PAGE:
Artists vs AI: Who will win the copyright fight of the century?

  • The rapid advancement of AI, epitomised by OpenAI’s Sora model, has sparked global discourse on its implications, particularly concerning copyright, ethical, and legal issues in various sectors, including entertainment and media.
  • Instances such as Hollywood’s collective strike, lawsuits against OpenAI and Microsoft, and controversies like the Taylor Swift photo incident highlight growing concerns among creators regarding AI’s impact on their rights and originality.
  • Efforts to address these concerns range from legal actions to proposed legislation, emphasising the need for transparent AI training data and a balanced approach to technological innovation and creator protection.

The rapid development of generative AI technology, especially the emergence of OpenAI‘s latest video model Sora, marking a milestone in progress in the field of Generative AI (AIGC), has sparked widespread discussions globally. However, amidst this wave of AI advancements, there have also been increasingly contentious and protest voices. From Hollywood’s collective strikes to lawsuits filed by The New York Times against OpenAI and Microsoft, and even to the Taylor Swift intimate photo incident, the use of AI technology has raised a series of legal, copyright, and ethical issues. Behind this, artists are facing the dilemma of being ‘alchemised’ by AI training applications, prompting profound reflections on creators’ rights protection.

Also read: OpenAI and Microsoft face lawsuits over AI copyright infringement

Also read: ChatGPT: Is it really infringing copyright?

AI copyright disputes continue to emerge

In July 2023, Hollywood initiated a collective strike, with creators demanding a renegotiation of labour relations and resistance against the invasion of AI. Union president Fran Dreyscher emphasised that if they do not stand up to resist now, they will face the danger of being replaced by machines in the future. Following this, in December, The New York Times filed a lawsuit against OpenAI and Microsoft for using unauthorised content to train AI, sparking discussions on copyright infringement. These events reflect creators’ concerns and strengthened awareness of protecting their rights in the wave of AI.

Even more worrying, intimate photos of Taylor Swift, fabricated by AI, went viral online, causing serious damage to her reputation. This incident has sparked anger among global fans and propelled potential ethical issues of AI technology to the forefront. In China, artists are facing another dilemma as their works are being ‘alchemized’ by AI, with this unrestrained AI application posing a threat to creators’ originality and public aesthetics, becoming an urgent problem to be solved within the industry.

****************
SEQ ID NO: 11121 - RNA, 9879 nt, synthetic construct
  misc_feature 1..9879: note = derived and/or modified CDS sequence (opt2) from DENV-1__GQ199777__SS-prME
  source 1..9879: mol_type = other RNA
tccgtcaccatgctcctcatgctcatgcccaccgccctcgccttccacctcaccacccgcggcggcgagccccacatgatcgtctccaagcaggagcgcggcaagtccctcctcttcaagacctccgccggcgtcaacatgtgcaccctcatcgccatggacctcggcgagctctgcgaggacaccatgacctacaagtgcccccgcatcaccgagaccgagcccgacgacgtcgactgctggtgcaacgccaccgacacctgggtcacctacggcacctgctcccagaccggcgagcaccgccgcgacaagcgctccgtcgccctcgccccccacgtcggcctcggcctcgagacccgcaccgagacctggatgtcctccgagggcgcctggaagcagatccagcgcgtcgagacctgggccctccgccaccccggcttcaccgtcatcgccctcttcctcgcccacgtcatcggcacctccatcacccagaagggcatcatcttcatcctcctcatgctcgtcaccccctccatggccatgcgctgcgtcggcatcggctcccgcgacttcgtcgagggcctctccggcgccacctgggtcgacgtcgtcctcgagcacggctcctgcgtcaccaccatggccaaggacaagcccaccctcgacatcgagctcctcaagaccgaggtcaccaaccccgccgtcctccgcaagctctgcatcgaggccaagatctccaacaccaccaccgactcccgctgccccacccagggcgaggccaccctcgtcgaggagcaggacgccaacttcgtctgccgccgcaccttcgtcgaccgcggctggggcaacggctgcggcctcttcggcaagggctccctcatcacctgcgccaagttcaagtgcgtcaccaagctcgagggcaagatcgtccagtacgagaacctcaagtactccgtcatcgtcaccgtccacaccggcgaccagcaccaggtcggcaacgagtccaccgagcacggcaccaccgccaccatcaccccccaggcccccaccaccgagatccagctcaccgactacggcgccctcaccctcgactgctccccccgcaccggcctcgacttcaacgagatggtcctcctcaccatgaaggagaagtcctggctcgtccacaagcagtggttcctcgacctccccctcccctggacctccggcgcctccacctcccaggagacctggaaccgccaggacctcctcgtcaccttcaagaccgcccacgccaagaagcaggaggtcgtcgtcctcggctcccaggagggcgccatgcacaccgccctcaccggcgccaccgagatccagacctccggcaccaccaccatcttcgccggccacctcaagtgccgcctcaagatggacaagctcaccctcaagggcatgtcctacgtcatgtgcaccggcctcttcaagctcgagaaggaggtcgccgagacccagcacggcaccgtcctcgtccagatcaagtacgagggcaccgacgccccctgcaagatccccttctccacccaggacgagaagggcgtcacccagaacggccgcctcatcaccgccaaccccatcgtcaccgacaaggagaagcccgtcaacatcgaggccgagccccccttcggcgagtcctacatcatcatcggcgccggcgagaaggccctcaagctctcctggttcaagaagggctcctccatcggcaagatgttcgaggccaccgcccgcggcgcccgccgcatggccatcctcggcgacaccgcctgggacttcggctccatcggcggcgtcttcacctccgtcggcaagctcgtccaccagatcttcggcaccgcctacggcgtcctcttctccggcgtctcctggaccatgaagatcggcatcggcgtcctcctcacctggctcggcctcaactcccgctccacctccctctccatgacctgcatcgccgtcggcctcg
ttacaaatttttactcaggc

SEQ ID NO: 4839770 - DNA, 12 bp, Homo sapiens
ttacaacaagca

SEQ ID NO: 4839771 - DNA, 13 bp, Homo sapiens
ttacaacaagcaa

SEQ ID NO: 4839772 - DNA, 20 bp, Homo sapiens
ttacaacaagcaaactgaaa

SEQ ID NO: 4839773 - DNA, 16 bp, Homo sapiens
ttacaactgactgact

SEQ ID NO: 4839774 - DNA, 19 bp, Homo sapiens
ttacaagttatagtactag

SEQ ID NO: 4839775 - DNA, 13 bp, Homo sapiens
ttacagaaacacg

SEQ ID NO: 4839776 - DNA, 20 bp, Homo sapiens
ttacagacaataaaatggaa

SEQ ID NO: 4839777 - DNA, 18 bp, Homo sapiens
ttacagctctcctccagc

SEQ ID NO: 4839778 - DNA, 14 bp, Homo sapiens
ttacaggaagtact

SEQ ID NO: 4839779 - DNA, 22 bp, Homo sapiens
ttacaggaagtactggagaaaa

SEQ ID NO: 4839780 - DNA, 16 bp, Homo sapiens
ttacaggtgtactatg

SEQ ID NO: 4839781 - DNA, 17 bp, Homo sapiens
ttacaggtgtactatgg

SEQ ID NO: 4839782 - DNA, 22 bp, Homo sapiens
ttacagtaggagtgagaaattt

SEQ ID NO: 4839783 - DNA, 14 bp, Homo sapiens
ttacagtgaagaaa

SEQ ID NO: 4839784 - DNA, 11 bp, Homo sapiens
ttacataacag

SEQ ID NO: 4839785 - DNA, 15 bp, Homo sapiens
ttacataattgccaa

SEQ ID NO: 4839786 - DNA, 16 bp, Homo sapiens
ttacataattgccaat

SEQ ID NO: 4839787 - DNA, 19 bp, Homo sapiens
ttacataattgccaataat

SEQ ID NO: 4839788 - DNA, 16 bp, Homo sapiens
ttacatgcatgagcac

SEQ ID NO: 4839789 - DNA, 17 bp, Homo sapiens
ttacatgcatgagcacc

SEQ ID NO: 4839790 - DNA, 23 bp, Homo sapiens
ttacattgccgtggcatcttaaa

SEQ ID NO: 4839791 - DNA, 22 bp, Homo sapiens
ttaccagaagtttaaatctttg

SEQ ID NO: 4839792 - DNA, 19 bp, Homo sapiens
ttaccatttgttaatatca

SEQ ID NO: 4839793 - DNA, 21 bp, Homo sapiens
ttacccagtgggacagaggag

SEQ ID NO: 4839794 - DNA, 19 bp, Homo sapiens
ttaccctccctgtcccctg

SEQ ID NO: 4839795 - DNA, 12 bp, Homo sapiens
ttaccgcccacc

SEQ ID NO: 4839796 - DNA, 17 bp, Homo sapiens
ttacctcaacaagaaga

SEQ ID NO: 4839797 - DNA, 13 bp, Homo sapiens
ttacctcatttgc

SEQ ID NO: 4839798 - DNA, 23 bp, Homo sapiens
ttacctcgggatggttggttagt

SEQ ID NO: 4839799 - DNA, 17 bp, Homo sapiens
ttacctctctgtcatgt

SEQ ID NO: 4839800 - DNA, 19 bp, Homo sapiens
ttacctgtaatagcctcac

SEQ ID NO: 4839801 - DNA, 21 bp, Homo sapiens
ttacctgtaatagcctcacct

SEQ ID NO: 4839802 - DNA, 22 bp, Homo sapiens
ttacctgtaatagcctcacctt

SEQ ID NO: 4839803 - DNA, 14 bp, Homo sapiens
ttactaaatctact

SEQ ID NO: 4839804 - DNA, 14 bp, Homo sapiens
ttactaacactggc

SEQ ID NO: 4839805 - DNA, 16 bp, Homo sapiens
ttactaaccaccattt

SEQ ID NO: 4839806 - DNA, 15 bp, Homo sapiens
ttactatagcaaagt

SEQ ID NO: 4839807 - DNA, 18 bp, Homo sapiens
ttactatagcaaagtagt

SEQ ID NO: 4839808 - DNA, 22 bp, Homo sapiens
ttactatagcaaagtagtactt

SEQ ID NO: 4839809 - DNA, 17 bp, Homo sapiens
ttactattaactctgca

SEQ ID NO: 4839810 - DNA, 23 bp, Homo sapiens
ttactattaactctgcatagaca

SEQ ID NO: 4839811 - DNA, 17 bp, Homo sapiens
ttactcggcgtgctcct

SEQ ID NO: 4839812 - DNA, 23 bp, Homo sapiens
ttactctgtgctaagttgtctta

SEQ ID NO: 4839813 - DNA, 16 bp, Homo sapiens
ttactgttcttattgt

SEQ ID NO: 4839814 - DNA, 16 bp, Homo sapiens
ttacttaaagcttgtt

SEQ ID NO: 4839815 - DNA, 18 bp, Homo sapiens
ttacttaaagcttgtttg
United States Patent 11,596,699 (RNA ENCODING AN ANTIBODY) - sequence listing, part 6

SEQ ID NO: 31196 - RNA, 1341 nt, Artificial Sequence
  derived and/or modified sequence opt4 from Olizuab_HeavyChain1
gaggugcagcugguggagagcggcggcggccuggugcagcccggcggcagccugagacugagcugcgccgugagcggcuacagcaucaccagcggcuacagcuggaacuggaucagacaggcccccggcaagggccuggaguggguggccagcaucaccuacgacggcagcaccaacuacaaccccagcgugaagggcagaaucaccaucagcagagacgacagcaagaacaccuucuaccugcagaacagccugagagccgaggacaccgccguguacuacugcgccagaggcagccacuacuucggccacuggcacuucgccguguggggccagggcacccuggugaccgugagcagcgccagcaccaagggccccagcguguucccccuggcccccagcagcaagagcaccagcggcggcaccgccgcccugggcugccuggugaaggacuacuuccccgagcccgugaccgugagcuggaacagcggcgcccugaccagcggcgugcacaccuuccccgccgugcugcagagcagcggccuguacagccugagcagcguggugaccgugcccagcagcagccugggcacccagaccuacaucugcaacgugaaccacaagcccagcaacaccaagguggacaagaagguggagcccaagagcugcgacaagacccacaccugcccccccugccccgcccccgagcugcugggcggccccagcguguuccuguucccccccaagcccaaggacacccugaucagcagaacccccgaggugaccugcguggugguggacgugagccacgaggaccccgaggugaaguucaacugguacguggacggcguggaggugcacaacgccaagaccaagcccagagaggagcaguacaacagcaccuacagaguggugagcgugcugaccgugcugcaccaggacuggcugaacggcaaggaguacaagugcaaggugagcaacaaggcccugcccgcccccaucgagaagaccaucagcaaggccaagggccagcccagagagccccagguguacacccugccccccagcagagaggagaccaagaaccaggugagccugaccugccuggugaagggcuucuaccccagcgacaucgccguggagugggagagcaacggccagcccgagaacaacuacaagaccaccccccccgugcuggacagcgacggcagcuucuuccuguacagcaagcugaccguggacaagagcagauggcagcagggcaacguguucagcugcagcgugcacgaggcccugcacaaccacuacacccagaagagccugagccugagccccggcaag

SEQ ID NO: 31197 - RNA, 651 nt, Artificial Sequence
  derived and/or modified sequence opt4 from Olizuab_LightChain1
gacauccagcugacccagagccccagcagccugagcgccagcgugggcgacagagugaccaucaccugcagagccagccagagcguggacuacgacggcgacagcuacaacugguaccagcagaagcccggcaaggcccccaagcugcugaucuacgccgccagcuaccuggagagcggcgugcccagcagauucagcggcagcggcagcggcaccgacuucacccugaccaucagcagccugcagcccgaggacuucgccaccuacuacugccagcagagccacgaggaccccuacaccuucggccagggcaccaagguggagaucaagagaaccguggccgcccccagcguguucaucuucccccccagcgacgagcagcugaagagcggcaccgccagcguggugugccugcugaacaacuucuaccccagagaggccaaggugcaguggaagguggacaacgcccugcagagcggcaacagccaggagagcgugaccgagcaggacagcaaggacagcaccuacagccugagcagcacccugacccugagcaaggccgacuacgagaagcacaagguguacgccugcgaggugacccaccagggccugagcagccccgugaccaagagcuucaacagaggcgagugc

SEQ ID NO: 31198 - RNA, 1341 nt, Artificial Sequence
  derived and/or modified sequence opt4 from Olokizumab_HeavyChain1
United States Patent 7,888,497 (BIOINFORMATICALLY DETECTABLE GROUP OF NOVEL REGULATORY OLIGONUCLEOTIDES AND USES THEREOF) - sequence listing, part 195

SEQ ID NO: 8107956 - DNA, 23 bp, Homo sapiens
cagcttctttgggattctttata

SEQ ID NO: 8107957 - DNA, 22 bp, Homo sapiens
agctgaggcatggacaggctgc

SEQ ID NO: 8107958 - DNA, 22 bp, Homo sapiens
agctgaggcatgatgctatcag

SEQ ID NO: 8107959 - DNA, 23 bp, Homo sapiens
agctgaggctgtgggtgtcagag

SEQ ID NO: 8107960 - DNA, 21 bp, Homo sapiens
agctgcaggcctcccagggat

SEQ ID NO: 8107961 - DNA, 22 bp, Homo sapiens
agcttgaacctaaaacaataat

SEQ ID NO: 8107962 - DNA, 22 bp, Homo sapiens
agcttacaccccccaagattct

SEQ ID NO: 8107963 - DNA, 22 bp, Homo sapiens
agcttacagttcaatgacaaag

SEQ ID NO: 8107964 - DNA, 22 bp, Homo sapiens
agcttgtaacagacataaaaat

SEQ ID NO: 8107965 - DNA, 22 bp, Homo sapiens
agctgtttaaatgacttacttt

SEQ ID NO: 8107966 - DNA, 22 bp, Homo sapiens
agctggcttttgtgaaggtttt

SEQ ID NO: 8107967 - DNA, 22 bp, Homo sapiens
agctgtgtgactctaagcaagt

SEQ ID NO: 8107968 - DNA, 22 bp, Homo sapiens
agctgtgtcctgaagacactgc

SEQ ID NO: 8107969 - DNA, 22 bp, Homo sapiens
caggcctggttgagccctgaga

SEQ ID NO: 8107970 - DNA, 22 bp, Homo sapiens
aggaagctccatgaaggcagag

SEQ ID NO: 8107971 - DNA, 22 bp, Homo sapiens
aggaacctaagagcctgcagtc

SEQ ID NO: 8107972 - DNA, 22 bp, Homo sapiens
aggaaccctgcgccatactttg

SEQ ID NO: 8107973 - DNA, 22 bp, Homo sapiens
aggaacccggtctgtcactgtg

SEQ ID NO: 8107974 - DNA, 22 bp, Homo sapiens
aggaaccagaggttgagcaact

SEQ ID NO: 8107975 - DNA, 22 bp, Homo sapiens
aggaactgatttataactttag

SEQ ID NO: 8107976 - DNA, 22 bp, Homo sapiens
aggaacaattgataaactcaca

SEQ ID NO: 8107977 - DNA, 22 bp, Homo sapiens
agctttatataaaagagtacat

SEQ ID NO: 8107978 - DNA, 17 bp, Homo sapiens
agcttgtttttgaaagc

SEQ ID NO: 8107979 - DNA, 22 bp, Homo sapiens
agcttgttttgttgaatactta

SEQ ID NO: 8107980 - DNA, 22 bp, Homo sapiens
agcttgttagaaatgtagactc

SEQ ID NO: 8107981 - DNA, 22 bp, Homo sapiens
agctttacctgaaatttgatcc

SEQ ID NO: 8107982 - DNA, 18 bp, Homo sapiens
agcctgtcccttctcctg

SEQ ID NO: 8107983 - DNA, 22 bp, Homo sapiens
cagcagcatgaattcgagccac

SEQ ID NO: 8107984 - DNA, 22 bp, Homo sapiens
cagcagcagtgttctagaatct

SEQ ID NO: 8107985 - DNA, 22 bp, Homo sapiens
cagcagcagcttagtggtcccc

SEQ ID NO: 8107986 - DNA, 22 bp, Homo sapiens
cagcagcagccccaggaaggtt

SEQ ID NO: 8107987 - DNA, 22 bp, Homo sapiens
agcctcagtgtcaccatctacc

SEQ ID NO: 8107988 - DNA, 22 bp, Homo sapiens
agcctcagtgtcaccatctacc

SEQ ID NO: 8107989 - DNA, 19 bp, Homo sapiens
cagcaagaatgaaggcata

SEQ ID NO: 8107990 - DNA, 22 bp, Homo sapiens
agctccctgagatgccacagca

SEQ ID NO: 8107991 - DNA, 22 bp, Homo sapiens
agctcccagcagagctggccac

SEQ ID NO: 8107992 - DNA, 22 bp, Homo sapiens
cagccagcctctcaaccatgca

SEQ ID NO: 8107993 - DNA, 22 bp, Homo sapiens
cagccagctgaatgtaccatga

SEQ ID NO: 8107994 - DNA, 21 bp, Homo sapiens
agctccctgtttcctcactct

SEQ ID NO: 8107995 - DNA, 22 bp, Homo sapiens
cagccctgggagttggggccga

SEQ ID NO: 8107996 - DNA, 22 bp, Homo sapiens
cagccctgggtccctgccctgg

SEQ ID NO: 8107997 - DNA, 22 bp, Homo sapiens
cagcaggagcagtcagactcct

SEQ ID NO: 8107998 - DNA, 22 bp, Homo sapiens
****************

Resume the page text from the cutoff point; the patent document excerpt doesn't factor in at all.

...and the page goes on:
Also watch: Video: Taylor Swift deepfakes spark AI ethics debate

Pop quiz

When was the Sora revealed to the world?

A. February 15, 2024

B. February 25, 2024

C. January 15, 2024

D. None of the above

The correct answer is at the bottom of the article. 

Copyright is an ambiguous area in the AI model development

AIGC does not create content out of thin air; its training relies on vast datasets, the sources and usage of which may involve copyright and ethical issues. For example, unauthorised use of artists’ works to train AI models not only constitutes copyright infringement but may also cause irreversible impacts on artists’ creative styles. Concerns and criticisms regarding the potential infringement of generative AI, both domestically and internationally, are growing louder, particularly focusing on the art creativity and film media industries.

In fact, copyright has always been an ambiguous area in the development of AI models, and it is also the sword of Damocles hanging over the heads of tech giants.

In 2022, Forbes magazine interviewed Midjourney founder David Holz, asking whether he had sought copyright permission from living artists or creators before training AI. Holz clearly answered that he had not.

In his view, current copyright technology and management cannot cope with the automatic scraping of AI. There is no metadata embedded in the images related to copyright, nor is there a so-called copyright “registry,” making it impossible to find a picture on the internet and automatically track its owner. It can be said that the thunder laid by the founder a year ago has finally exploded today.
Although tracking copyright and obtaining permission is a difficult and time-consuming task that requires tremendous effort and time, shifting the risk of infringement entirely to the users is not fundamentally the solution.

People are working on the legal framework

Of course, some people are working on it. Two US congressmen, Anna Eshoo and Don Beyer, recently submitted a new bill called the “AI Foundation Model Transparency Act of 2023.”

The bill mentions that the director of the National Institute of Standards and Technology, the Copyright Office, the Office of Science and Technology Policy, and other relevant stakeholders should participate in discussions on copyright issues.